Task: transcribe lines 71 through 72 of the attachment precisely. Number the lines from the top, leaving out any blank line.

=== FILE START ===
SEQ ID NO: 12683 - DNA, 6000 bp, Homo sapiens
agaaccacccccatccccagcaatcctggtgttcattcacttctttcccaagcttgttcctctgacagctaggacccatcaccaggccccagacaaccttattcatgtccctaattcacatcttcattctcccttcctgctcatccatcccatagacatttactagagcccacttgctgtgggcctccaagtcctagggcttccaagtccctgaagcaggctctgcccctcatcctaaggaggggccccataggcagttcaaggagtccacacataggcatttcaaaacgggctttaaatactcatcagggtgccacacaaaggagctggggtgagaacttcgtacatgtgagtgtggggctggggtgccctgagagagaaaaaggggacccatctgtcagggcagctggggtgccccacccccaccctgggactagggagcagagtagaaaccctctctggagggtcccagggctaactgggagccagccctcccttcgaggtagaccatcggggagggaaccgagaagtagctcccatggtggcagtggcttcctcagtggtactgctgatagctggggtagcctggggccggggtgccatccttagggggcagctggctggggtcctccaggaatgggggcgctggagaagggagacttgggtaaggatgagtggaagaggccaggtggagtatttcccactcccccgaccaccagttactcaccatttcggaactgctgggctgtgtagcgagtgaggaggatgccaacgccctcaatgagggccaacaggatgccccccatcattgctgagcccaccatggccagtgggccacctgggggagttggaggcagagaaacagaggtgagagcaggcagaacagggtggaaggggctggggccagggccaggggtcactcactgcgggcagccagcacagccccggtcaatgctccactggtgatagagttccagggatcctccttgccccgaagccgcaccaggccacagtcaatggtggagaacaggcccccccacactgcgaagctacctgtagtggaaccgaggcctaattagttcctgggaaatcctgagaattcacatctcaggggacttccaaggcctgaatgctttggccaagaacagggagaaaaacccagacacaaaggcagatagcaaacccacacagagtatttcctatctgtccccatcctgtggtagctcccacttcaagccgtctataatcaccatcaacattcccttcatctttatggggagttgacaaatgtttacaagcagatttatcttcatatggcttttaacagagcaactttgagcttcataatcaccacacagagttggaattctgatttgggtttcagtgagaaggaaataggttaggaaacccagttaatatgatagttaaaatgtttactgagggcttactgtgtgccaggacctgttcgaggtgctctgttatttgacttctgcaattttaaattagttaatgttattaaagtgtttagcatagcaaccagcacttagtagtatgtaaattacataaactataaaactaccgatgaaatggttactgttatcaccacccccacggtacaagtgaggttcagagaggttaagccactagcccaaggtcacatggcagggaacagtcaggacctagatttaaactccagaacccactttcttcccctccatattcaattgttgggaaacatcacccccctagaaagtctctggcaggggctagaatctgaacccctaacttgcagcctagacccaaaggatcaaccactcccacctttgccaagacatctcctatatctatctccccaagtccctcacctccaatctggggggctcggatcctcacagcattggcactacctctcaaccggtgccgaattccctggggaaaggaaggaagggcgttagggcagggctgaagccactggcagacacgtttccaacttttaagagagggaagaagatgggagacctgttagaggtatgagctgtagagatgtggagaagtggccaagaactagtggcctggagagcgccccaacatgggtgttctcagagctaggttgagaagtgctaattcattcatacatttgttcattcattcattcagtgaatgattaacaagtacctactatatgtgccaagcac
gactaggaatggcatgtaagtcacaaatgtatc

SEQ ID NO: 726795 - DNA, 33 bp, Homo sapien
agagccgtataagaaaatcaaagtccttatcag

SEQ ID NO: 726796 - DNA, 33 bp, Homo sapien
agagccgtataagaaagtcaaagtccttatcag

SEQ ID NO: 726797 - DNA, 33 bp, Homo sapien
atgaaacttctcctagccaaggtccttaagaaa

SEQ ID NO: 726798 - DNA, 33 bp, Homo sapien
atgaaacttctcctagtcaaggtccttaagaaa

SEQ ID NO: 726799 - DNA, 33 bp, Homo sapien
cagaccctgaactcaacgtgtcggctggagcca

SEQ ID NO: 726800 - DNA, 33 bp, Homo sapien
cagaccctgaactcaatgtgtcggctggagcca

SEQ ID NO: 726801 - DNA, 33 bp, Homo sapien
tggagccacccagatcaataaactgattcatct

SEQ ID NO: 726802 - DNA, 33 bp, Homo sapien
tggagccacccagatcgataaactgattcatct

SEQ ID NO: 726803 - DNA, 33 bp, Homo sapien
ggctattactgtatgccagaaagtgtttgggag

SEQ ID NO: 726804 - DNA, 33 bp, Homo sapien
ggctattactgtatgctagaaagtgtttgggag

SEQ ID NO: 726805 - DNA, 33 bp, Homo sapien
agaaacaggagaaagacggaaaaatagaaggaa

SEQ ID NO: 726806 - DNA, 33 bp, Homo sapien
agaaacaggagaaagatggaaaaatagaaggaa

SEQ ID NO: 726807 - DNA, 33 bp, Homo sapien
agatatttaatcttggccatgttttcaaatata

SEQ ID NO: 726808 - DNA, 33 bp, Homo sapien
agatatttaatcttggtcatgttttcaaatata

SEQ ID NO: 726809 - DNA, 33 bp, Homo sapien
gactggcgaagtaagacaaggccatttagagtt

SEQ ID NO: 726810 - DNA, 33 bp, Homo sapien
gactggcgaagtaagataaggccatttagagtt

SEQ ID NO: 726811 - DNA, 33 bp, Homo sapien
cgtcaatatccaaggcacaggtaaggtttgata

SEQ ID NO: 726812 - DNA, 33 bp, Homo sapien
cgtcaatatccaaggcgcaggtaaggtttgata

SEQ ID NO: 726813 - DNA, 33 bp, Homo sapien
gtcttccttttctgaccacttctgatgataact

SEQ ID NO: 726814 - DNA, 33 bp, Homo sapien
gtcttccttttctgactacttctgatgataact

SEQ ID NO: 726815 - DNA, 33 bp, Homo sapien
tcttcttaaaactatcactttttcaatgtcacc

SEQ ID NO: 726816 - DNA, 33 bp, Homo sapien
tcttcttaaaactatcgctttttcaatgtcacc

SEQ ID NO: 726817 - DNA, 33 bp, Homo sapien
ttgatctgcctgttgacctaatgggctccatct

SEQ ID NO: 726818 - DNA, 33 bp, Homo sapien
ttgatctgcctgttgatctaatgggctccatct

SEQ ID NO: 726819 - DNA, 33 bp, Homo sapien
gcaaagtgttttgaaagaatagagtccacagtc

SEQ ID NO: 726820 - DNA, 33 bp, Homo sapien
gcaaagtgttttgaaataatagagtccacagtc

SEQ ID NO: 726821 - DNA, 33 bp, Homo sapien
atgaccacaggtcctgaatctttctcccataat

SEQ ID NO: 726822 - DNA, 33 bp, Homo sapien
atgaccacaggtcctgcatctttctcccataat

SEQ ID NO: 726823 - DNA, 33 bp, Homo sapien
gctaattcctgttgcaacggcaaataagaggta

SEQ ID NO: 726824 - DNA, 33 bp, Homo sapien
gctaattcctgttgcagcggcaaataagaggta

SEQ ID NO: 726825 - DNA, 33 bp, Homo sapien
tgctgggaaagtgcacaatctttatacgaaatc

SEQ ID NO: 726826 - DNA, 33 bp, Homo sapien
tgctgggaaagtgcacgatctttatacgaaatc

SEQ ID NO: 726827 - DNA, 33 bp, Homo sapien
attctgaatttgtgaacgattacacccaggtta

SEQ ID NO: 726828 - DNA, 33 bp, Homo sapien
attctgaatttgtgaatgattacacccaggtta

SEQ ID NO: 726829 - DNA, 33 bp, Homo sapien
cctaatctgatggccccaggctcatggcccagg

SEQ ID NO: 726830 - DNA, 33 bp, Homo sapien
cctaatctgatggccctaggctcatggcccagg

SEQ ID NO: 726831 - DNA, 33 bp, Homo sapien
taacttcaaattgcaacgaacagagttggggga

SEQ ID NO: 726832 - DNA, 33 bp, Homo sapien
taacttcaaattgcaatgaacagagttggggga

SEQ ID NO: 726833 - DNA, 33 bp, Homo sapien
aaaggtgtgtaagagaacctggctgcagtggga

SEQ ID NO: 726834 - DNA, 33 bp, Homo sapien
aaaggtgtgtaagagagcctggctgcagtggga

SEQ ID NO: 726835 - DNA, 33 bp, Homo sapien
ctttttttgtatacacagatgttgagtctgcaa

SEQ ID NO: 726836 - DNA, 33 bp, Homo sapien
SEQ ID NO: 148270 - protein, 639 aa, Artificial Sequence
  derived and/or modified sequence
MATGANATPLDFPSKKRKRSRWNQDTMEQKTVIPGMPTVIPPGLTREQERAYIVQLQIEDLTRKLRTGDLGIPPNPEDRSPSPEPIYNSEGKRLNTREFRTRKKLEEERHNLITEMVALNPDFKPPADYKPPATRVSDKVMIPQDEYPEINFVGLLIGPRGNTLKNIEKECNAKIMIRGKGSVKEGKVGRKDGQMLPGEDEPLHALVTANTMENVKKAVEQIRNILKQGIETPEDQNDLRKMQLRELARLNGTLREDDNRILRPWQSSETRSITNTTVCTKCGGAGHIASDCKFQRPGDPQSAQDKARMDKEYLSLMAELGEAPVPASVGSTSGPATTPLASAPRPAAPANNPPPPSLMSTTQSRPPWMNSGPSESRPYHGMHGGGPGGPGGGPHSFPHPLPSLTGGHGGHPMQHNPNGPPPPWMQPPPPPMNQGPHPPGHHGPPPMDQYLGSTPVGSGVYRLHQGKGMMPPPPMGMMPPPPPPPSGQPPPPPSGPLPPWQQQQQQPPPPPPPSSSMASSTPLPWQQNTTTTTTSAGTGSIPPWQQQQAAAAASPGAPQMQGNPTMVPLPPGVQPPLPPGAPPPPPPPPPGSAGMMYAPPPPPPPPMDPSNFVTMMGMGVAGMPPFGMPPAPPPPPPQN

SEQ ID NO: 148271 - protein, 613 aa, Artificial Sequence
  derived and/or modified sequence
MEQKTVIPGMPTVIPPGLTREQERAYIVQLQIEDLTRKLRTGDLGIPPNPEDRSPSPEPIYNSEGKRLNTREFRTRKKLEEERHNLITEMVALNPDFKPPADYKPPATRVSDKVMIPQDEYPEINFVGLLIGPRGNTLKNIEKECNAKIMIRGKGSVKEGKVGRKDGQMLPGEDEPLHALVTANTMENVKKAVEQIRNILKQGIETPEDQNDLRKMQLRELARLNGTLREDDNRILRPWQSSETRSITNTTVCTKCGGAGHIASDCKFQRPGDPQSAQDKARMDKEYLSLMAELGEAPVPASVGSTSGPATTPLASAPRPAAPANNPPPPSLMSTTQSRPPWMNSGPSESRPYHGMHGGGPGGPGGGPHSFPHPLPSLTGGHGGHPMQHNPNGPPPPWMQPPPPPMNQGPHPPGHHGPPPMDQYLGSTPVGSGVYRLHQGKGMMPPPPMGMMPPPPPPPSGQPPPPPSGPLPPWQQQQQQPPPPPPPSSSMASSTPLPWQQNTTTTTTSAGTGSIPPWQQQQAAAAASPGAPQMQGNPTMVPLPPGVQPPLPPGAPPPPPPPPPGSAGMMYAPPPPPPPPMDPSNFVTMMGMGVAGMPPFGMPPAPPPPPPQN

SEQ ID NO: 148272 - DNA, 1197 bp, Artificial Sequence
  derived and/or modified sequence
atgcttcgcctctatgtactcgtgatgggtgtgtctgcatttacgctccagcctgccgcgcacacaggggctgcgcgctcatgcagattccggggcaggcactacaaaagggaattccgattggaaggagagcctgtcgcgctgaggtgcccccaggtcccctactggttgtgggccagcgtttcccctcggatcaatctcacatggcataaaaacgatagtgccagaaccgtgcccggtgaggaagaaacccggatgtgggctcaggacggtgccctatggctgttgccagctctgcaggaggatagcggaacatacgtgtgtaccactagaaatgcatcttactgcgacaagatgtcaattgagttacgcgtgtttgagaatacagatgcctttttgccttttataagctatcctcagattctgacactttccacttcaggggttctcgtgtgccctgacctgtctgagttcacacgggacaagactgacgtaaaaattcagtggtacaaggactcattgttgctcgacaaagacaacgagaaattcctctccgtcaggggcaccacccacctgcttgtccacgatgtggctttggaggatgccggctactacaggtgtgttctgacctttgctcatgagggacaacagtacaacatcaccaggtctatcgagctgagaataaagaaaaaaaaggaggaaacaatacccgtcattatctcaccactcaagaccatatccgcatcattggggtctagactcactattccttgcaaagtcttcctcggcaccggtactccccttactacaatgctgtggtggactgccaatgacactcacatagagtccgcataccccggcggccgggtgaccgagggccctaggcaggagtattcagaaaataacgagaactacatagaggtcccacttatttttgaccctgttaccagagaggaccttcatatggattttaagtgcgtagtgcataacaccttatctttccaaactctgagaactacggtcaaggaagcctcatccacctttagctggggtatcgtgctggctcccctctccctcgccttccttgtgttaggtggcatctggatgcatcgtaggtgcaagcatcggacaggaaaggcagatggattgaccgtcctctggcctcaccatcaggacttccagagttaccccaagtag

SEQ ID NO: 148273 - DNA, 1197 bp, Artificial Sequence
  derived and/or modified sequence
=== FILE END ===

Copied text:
attctgaatttgtgaatgattacacccaggtta

SEQ ID NO: 726829 - DNA, 33 bp, Homo sapien